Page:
In the 16th century, Spanish conquistadores ravaged much of Central and South America in search of gold and other precious metals. Today, history may be repeating itself. Indigenous populations are being kicked off their traditional lands by multinational mining corporations in Guatemala, Colombia, and elsewhere. The companies claim that mines will help the economy of developing nations. But as Maria Amuchastegui writes for Canada's This Magazine, 'For the World Bank and the mining industry, development consists of the short-term exploitation of natural resources at the expense of the environment and the local community.'
One of the latest victims of this economic strategy, according to Amuchastegui, is the Q'eqchi' Mayan village of Chichipate, located in eastern Guatemala atop a large deposit of nickel. At the urging of the Canadian mining company Skye Resources, the Guatemalan government has forcibly evicted many of the village's indigenous residents to start construction on a huge nickel mine. Some residents have tried to stop construction, and videos of their forced evictions have shown up on the video website YouTube. Despite such resistance, Amuchastegui reports, Skye Resources plans to open the mine by 2009.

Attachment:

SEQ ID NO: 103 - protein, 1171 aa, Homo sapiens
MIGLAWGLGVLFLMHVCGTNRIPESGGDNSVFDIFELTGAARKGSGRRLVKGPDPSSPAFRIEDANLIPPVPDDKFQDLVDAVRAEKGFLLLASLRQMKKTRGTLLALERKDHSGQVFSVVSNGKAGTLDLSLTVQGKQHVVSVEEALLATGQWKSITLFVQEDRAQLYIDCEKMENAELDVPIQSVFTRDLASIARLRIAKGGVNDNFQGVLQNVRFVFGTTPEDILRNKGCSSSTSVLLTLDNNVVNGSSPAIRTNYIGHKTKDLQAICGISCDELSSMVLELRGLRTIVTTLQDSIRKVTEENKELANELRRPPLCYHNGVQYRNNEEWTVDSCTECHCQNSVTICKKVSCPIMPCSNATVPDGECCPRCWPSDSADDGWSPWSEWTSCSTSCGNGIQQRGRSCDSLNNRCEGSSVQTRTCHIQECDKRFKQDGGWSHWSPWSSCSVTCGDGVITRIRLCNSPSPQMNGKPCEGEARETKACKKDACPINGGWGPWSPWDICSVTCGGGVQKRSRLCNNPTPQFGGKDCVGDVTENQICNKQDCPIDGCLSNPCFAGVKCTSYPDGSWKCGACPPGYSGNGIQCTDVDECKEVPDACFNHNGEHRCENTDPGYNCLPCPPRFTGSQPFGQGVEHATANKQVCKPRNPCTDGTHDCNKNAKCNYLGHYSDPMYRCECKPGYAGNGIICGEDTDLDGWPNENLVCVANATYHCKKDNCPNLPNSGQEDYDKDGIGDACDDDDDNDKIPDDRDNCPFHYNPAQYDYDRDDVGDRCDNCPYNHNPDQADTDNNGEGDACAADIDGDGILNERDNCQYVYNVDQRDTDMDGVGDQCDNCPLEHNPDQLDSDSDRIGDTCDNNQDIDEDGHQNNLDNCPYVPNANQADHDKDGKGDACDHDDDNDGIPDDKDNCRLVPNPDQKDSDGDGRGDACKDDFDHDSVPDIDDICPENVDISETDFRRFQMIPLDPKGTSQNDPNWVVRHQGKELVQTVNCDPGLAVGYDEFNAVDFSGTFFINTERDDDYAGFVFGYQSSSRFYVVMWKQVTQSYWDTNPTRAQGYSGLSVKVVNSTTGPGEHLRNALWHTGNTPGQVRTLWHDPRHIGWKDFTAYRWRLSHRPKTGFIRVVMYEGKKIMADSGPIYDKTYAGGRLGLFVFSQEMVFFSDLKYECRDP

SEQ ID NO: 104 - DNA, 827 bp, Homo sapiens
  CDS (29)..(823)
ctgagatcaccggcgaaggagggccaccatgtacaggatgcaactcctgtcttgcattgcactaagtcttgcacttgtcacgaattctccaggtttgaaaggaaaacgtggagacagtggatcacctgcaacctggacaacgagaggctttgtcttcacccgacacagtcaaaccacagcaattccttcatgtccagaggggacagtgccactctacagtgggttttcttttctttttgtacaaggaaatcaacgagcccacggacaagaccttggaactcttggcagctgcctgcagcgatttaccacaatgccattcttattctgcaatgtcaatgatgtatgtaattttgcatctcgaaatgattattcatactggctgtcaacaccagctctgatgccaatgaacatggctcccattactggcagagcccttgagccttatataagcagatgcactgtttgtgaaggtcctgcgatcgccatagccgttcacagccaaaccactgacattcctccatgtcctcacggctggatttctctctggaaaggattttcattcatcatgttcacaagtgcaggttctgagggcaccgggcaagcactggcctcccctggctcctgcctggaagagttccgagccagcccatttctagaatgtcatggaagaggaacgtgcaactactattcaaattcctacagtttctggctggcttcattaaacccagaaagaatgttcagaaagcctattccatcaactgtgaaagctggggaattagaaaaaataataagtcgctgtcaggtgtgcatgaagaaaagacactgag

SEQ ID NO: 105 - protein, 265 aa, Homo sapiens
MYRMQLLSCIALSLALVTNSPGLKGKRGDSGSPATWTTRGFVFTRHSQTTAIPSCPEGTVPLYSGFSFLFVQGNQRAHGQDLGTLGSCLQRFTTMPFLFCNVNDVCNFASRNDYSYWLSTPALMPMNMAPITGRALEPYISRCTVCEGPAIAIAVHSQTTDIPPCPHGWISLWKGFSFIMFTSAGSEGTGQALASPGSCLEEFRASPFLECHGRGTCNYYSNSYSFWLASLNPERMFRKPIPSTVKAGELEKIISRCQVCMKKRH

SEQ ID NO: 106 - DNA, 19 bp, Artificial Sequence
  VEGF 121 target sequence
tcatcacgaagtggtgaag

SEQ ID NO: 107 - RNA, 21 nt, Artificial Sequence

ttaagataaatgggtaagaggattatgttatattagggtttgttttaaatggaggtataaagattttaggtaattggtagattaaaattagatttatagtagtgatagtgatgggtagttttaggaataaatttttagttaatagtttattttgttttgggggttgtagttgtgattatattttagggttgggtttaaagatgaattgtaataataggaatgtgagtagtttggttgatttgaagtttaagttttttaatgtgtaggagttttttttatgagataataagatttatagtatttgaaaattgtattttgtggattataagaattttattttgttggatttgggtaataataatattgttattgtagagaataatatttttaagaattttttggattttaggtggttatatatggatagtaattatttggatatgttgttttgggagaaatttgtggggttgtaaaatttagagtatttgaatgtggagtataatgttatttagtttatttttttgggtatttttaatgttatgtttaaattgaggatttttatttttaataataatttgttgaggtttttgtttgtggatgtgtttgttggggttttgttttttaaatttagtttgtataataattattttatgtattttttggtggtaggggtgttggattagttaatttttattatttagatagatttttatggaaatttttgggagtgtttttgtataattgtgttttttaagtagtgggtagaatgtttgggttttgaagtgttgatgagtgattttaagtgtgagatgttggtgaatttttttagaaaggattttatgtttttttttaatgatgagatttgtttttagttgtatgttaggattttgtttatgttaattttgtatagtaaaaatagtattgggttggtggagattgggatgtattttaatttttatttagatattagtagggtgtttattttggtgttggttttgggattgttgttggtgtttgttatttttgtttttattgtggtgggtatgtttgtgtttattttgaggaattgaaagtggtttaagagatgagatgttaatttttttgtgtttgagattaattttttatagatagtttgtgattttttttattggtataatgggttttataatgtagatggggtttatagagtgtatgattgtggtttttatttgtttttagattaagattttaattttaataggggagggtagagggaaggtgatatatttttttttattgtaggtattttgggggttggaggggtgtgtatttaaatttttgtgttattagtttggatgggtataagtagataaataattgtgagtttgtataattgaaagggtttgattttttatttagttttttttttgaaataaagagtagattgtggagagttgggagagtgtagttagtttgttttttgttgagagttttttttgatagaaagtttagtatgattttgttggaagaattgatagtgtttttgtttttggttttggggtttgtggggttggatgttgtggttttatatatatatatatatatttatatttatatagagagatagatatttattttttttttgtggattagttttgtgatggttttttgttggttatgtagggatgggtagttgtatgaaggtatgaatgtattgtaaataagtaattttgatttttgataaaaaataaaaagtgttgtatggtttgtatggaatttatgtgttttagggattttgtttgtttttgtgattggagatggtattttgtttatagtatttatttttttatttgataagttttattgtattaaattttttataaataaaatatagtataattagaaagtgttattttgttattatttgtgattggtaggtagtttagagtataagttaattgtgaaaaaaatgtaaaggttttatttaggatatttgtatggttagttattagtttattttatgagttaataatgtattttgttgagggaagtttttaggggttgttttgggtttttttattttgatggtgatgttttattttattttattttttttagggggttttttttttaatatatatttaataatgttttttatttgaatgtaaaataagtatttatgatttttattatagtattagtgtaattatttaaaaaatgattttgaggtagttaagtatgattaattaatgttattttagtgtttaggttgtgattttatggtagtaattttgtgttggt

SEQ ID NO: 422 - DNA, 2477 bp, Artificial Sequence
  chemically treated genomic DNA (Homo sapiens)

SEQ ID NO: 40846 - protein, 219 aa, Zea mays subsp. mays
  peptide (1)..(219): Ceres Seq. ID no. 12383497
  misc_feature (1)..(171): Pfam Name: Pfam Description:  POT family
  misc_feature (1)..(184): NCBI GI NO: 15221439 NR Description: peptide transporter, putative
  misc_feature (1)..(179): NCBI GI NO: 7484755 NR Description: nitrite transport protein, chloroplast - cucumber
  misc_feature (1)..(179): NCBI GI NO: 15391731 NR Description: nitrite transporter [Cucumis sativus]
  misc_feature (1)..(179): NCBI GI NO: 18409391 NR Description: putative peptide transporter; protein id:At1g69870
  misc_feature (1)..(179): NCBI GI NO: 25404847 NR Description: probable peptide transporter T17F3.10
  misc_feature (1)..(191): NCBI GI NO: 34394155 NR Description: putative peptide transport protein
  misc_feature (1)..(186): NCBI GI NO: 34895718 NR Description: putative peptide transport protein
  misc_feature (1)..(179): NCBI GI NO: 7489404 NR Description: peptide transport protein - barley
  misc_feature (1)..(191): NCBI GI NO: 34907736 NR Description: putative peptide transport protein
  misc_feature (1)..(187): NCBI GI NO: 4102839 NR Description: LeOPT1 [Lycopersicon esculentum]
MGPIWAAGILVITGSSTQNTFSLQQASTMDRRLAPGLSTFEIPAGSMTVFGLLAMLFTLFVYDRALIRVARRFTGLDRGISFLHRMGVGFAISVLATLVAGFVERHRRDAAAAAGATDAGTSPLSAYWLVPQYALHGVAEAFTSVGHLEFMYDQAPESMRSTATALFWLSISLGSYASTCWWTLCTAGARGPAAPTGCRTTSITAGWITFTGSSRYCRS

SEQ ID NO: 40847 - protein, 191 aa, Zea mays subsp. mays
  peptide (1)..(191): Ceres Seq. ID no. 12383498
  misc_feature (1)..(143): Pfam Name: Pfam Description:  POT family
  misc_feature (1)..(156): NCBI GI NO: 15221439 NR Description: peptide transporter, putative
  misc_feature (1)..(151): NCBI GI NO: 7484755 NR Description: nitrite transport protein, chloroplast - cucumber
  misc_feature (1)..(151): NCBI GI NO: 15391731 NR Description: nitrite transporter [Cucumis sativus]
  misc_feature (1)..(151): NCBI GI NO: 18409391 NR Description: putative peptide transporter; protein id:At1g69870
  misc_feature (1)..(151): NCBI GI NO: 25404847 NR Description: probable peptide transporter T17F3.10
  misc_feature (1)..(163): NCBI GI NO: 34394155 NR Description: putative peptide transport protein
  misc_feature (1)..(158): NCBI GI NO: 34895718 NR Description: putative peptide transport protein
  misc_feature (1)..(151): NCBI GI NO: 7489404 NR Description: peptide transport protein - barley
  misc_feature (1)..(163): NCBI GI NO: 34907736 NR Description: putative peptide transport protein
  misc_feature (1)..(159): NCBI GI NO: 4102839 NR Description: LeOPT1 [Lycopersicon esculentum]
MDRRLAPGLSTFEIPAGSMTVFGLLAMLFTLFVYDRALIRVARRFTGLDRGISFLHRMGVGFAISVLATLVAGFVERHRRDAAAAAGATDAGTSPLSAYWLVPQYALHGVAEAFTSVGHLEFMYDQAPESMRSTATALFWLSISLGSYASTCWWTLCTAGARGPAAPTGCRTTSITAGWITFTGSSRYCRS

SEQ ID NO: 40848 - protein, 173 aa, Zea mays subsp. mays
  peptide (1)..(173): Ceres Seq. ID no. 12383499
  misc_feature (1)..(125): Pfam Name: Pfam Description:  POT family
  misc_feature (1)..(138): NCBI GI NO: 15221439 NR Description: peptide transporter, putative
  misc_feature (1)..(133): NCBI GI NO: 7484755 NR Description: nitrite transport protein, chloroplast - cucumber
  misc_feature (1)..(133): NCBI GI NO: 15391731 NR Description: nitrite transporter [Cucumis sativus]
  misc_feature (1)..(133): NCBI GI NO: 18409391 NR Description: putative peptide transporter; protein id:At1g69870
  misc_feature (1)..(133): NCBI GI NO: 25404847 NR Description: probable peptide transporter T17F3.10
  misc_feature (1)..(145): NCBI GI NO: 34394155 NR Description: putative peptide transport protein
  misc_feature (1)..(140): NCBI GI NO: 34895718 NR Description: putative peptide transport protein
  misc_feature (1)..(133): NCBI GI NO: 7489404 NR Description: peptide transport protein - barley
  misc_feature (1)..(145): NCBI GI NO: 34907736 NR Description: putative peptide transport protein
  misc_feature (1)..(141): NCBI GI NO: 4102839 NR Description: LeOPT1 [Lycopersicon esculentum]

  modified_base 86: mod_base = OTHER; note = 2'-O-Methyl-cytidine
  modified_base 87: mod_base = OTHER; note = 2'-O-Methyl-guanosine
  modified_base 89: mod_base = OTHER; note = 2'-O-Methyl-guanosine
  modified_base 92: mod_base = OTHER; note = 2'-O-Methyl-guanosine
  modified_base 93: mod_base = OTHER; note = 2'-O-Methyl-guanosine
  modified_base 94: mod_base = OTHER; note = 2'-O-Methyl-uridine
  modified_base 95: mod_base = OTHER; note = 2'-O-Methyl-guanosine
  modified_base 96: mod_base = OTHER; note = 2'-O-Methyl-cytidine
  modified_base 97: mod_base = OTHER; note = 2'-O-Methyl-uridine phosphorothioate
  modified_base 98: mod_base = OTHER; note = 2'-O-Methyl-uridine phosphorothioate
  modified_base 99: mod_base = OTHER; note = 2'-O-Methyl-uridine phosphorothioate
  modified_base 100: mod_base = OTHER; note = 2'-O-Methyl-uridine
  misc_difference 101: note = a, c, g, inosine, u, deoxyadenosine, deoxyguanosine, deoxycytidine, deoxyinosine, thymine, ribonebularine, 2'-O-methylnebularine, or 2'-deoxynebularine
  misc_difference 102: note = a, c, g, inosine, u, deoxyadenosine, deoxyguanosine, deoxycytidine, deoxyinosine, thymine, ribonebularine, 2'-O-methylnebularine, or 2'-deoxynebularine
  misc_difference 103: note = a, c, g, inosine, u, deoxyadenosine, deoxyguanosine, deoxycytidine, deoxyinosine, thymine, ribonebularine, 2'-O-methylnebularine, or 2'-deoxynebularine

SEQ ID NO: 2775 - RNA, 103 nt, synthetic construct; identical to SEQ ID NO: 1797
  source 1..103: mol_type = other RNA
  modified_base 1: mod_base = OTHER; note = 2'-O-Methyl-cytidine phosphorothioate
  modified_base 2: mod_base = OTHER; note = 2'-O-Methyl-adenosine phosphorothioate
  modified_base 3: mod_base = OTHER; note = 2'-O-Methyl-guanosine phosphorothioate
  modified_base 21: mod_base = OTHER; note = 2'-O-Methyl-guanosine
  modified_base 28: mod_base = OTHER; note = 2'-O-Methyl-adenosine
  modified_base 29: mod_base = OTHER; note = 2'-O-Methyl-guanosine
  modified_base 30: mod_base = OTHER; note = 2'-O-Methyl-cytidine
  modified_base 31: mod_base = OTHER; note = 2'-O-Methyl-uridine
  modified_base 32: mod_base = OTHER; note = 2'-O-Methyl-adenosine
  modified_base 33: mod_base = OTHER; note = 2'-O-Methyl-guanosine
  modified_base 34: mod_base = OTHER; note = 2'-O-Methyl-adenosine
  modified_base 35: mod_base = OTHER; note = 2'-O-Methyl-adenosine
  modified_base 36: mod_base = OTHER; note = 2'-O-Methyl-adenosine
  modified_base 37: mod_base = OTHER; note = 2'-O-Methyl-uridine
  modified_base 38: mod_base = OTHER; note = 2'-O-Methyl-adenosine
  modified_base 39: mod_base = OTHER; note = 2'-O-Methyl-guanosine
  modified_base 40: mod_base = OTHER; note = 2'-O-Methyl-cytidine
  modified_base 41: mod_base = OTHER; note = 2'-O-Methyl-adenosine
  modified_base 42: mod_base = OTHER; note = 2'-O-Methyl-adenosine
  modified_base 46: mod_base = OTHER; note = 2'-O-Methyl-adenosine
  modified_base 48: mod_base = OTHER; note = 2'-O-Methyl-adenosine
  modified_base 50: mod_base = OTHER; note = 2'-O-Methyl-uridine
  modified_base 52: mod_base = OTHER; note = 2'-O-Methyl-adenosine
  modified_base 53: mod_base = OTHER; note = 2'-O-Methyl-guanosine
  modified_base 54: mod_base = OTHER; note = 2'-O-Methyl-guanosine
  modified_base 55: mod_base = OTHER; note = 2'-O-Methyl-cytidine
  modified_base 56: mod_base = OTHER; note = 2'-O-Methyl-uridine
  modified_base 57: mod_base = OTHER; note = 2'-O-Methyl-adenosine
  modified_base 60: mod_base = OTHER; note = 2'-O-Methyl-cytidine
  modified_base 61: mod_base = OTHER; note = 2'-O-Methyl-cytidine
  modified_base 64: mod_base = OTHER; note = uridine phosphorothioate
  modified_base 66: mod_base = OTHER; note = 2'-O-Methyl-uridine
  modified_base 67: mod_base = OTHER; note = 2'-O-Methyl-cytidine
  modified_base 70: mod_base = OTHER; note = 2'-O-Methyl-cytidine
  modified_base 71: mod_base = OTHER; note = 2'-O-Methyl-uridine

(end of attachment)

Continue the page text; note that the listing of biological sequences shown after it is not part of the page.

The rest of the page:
Similar incidents have taken place throughout Latin America. As Avi Chomsky and Cindy Forster report for Cultural Survival Quarterly, the town of Tabaco, Colombia, was largely destroyed by the construction of a coal mine in 2001. The town was home to about 700 people, many of whom belong to the indigenous Wayuu group, before the Colombian national police and army oversaw the town's destruction at the behest of the multinational mining company Cerrej?n. Chomsky and Forster assert that the company used 'increasingly coercive' tactics to force people from their land. 'I have suffered in the flesh everything that has happened,' said one resident. 'They kicked us out of our homes, they mocked us, and violated our rights.'
Today, about 100 of the town's former residents have formed the group Tabaco in Resistance to seek redress from the mining company. The group is asking for a collective relocation of all of Tabaco's residents in order to preserve what is left of their community. The problem is, according to former resident Jos? Julio P?rez, 'Cerrej?n drags out this process until people collapse from exhaustion. People are dying, growing old, giving up under pressure.' P?rez is calling on the international community to pressure Carrej?n to give into the group's requests.
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